Intrinsic membrane properties of central vestibular neurons in rodents

Exp Brain Res. 2011 May;210(3-4):423-36. doi: 10.1007/s00221-011-2569-3. Epub 2011 Feb 18.


Numerous studies in rodents have shown that the functional efficacy of several neurotransmitter receptors and the intrinsic membrane excitability of central vestibular neurons, as well as the organization of synaptic connections within and between vestibular nuclei can be modified during postnatal development, after a lesion of peripheral vestibular organs or in vestibular-deficient mutant animals. This review mainly focuses on the intrinsic membrane properties of neurons of the medial vestibular nuclei of rodents, their postnatal maturation, and changes following experimental or congenital alterations in vestibular inputs. It also presents the concomitant modifications in the distribution of these neurons into different neuron types, which has been based on their membrane properties in relation to their anatomical, biochemical, or functional properties. The main points discussed in this review are that (1) the intrinsic membrane properties can be used to distinguish between two dominant types of neurons, (2) the system remains plastic throughout the whole life of the animal, and finally, (3) the intracellular calcium concentration has a major effect on the intrinsic membrane properties of central vestibular neurons.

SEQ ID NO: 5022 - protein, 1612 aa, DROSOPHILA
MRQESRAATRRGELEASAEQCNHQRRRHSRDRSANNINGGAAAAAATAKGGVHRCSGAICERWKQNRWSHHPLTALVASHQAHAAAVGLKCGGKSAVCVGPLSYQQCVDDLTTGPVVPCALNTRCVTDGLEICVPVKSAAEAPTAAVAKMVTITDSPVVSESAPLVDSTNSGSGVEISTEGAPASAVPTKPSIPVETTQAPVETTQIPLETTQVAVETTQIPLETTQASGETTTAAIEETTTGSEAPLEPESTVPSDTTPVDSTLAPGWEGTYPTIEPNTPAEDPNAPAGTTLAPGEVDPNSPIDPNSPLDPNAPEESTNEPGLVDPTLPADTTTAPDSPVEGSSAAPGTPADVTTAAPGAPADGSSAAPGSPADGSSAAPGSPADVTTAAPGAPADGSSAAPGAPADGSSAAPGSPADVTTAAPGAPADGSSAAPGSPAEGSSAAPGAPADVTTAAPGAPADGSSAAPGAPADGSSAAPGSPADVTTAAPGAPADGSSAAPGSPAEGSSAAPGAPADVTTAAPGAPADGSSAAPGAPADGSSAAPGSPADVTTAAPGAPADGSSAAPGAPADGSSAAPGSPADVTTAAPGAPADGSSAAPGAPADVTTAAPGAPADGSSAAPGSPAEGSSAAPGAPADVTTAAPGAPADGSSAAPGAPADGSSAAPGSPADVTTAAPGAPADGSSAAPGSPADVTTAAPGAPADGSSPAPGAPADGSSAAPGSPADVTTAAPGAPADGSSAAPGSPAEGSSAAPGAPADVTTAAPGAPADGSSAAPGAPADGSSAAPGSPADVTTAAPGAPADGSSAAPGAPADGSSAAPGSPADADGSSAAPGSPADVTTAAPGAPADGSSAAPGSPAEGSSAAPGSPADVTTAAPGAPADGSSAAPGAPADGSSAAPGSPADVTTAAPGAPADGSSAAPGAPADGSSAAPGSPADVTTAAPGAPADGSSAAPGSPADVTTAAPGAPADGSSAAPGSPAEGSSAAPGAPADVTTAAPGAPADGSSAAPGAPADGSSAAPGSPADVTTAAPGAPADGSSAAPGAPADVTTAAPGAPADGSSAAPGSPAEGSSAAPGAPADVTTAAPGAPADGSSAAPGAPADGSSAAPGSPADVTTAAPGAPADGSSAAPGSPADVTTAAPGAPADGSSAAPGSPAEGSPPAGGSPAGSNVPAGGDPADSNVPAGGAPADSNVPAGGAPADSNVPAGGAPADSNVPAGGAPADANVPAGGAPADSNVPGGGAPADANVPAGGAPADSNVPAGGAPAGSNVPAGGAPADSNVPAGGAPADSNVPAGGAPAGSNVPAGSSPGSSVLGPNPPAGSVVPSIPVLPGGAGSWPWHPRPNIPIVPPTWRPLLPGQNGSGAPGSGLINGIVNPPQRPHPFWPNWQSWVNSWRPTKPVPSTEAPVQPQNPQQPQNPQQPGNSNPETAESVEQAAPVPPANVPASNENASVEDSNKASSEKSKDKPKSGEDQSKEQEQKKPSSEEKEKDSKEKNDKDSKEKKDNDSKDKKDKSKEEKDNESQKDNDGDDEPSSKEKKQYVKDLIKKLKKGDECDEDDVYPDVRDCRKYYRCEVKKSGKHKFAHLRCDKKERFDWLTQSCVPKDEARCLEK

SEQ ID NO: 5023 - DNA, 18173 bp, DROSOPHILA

Publication types

  • Research Support, Non-U.S. Gov't

MeSH terms

  • Action Potentials / physiology
  • Animals
  • Animals, Newborn
  • Calcium / metabolism
  • Cell Membrane / physiology*
  • In Vitro Techniques
  • Mice
  • Mice, Mutant Strains
  • Models, Neurological*
  • Models, Statistical
  • Neuronal Plasticity / physiology
  • Rats
  • Rodentia
  • Sensory Receptor Cells / cytology*
  • Sensory Receptor Cells / physiology
  • Vestibular Nuclei / cytology*
  • Vestibular Nuclei / growth & development


  • Calcium